Tyson Fury Slams David Haye, Calls out Wladimir Klitschko and Deontay Wilder

Ben Blackmore@@Blackmore_BRFeatured ColumnistNovember 18, 2013

LONDON, ENGLAND - JULY 11:  British heavyweight boxers Tyson Fury (C) and David Haye (2nd L) attend a press conference to announce their upcoming title fight, on July 11, 2013 in London, England.  (Photo by Shaun Botterill/Getty Images)
Shaun Botterill/Getty Images

Tyson Fury has responded in typically aggressive manner to news of David Haye’s withdrawal from their Feb. 8 collision, mocking his compatriot before calling for fights with Wladimir Klitschko and Deontay Wilder.

However, Dereck Chisora might emerge as Fury's most likely next rival, after promoter Frank Warren threw up the suggestion of a rematch, per Declan Warrington of the Daily Mail:

It’d be a brilliant fight. It’s the next best thing after Haye-Fury. Dereck’s resurrected his career – he’s fighting two stone lighter than when he fought Tyson last time out. I think it’d be a great fight for the fans.

We could make it the same date – it doesn’t matter, really, because obviously it wouldn’t be a Sky show. That’s irrelevant, but if we could do it it’d be a great fight.

Haye is currently unsure if his career is over after he was forced to undergo surgery on his shoulder. He tweeted the following picture from a hospital ward:

Fury, though, took no pity on his heavyweight rival, sending out the following on Twitter (WARNING: NSFW language):

The cancelled fight is a huge blow to Fury, who has now seen his bout with Haye scrapped on two occasions. Fury has been inactive since April 2013 and will only have lost ground on his rivals during that time.

A win over a name like Haye would have propelled him into the heavyweight division’s big league. It also would have netted him the biggest payday of his career in front of a gripped UK audience.

The fact that such an opportunity—and time period—has been wasted will now be investigated by promoter Mick Hennessy, who may seek financial recompense, per Jeff Powell of the Daily Mail:

We are considering our legal position with regards the cost of all this. There has been a bad smell about this fight from the start. Even watching Haye when he's had to be around Tyson we got the impression that something was wrong.

He's always been wary of big men and in my view was particularly worried because Tyson couldn't care less about him and his threats.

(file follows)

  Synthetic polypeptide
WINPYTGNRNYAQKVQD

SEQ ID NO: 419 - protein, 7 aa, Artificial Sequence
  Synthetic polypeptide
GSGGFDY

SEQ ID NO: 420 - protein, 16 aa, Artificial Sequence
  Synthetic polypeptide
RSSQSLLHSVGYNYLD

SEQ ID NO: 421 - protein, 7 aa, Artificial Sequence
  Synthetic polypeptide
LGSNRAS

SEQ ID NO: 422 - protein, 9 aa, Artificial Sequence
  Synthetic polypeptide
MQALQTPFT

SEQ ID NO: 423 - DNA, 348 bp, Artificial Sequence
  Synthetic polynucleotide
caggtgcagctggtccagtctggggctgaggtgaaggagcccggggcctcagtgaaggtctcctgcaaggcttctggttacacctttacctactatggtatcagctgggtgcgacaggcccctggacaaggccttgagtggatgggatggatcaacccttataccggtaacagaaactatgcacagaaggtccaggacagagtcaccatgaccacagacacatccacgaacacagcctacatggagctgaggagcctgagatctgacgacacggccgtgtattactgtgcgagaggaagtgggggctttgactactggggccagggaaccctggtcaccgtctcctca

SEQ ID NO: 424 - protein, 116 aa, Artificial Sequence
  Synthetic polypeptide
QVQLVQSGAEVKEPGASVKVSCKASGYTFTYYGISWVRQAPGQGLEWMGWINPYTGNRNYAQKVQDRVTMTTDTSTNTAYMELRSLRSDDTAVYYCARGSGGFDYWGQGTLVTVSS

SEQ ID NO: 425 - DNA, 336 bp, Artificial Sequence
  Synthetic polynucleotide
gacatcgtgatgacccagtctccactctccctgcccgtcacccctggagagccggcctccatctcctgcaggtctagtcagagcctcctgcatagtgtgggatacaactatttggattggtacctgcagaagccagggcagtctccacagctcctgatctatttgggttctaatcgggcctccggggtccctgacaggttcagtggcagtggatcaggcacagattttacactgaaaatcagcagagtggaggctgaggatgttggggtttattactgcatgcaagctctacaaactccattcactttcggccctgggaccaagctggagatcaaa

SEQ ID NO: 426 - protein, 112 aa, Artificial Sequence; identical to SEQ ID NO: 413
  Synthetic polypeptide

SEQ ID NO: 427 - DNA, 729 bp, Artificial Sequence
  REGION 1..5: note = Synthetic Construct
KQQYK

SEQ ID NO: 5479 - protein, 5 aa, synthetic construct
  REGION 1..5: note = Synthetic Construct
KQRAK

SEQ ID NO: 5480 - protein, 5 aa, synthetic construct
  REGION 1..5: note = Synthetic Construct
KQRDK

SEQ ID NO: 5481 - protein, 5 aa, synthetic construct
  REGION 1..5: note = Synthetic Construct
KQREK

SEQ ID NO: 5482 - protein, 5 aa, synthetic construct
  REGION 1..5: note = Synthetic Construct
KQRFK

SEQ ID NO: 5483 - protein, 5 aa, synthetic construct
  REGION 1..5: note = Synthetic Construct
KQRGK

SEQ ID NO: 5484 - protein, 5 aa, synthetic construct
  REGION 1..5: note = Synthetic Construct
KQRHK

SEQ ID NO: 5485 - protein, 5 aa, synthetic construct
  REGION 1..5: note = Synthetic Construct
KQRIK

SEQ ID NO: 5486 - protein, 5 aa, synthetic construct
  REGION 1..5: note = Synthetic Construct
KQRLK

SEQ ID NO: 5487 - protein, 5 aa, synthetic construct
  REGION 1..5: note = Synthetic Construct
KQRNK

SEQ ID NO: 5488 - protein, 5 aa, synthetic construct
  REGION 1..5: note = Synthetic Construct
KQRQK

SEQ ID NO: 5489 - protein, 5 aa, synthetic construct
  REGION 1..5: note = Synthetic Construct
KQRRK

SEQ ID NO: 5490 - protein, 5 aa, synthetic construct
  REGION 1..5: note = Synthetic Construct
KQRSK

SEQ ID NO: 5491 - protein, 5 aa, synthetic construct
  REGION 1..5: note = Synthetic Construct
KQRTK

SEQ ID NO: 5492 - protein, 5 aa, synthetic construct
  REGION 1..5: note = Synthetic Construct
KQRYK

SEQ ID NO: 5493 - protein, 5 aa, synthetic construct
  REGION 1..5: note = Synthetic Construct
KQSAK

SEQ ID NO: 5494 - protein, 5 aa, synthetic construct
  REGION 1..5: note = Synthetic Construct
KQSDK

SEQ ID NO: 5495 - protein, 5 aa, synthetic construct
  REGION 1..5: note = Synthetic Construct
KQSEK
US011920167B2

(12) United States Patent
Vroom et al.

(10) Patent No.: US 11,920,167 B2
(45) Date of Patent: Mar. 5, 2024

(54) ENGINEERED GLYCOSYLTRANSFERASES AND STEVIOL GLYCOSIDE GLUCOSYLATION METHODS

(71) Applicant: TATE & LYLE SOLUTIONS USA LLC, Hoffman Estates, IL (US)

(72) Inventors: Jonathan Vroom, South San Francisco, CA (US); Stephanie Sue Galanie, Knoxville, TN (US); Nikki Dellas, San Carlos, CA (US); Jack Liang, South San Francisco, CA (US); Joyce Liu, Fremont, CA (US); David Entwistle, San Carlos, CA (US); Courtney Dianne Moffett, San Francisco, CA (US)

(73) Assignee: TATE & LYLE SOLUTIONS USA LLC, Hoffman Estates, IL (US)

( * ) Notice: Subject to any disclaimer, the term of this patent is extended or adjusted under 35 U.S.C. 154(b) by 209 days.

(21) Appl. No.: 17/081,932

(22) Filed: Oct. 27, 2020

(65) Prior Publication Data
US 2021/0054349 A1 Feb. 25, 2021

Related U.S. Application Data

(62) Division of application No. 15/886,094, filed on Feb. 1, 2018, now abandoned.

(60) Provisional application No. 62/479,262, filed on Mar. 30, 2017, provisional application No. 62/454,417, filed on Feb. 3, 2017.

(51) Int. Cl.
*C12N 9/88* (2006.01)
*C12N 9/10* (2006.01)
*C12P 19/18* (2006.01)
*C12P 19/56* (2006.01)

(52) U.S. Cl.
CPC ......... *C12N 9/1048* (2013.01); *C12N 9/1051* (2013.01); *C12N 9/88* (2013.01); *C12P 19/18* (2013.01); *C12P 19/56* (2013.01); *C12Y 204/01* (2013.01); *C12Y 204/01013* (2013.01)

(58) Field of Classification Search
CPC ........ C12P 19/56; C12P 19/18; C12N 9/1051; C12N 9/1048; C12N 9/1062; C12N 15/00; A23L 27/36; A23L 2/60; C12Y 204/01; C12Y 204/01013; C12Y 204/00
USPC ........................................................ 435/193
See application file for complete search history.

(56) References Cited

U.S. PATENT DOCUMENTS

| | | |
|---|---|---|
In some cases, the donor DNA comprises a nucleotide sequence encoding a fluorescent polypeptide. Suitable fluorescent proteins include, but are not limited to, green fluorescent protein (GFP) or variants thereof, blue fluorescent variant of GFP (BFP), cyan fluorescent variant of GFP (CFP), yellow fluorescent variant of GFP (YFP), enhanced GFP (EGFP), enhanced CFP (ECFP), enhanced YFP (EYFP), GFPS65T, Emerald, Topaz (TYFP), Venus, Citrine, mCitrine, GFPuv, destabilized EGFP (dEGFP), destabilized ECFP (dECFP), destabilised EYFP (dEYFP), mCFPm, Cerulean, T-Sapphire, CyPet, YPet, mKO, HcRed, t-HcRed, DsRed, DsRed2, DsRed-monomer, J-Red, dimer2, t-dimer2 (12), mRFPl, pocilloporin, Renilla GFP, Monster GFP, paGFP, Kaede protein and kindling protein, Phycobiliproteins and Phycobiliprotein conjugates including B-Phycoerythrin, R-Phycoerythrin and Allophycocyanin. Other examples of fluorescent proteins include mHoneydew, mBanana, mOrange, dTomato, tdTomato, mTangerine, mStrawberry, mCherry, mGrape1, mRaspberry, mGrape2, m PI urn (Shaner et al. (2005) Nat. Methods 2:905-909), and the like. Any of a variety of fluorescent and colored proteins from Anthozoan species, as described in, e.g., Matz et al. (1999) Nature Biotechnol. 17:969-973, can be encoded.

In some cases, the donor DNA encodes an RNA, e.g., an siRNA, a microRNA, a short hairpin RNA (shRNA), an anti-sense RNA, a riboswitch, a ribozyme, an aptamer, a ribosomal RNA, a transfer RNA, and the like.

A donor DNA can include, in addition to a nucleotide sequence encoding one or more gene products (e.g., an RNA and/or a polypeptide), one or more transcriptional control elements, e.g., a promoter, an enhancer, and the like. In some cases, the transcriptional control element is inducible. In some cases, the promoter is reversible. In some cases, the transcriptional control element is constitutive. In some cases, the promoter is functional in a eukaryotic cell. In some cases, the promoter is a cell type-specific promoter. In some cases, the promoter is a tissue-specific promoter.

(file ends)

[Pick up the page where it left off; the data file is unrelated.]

In my view I can't understand why, having pulled out once, he asked for the fight to be put back on, only to then undergo shoulder surgery. Where has that come from? In my view it might just be, simply, that he's bottled it.

The irony is that, had the two men met, it is likely Fury would have had every reason to be the one running scared.

Although taller, Fury would have lacked the speed and boxing nous of his rival. Haye has also taken a full-blooded punch from Klitschko without hitting the mat, whereas Fury has been no stranger to the canvas in his career.

He remains unbeaten, though, and such an unblemished record gives him great cause for confidence. Fury’s chin is questionable, but his heart and ability to recover quickly—as shown in his last outing with Steve Cunningham—has to be admired.

It is those qualities that prompt Fury to believe he could beat Klitschko, although the injury to Haye means he is still far from booking that fight:

In order to line up a world title collision, Fury tweeted on Monday that Wilder is likely the only man brave enough to share the same ring:

No official mention of a fresh opponent for Fury has been made, and it is highly unlikely his camp will find anybody worthy of the mass audience that had bought tickets for his clash with Haye.

As for Haye, his immediate future will no doubt see him face many accusations of “ducking” his compatriot, but the more serious reality is he may not fight again. Richard Beech of the Daily Mirror provides the quotes:

I genuinely believed the shoulder injury wasn't that bad. But the doctor sent me for a detailed MRI scan and, within 24 hours, I was told the full extent of the damage. Twenty-four hours after that I was in the operating theatre.

It's a crushing blow for me. I had big plans for next year and the ultimate goal was to win back the world heavyweight title, something my amazing fans deserve …

Perhaps it just wasn't meant to be. The boxing Gods keep hinting that maybe enough is enough and that it's time to finally hang up my gloves.

If he does retire, Haye can console himself with the thought that he ends his career as a former world champion. Whether Fury will be able to say the same is highly questionable.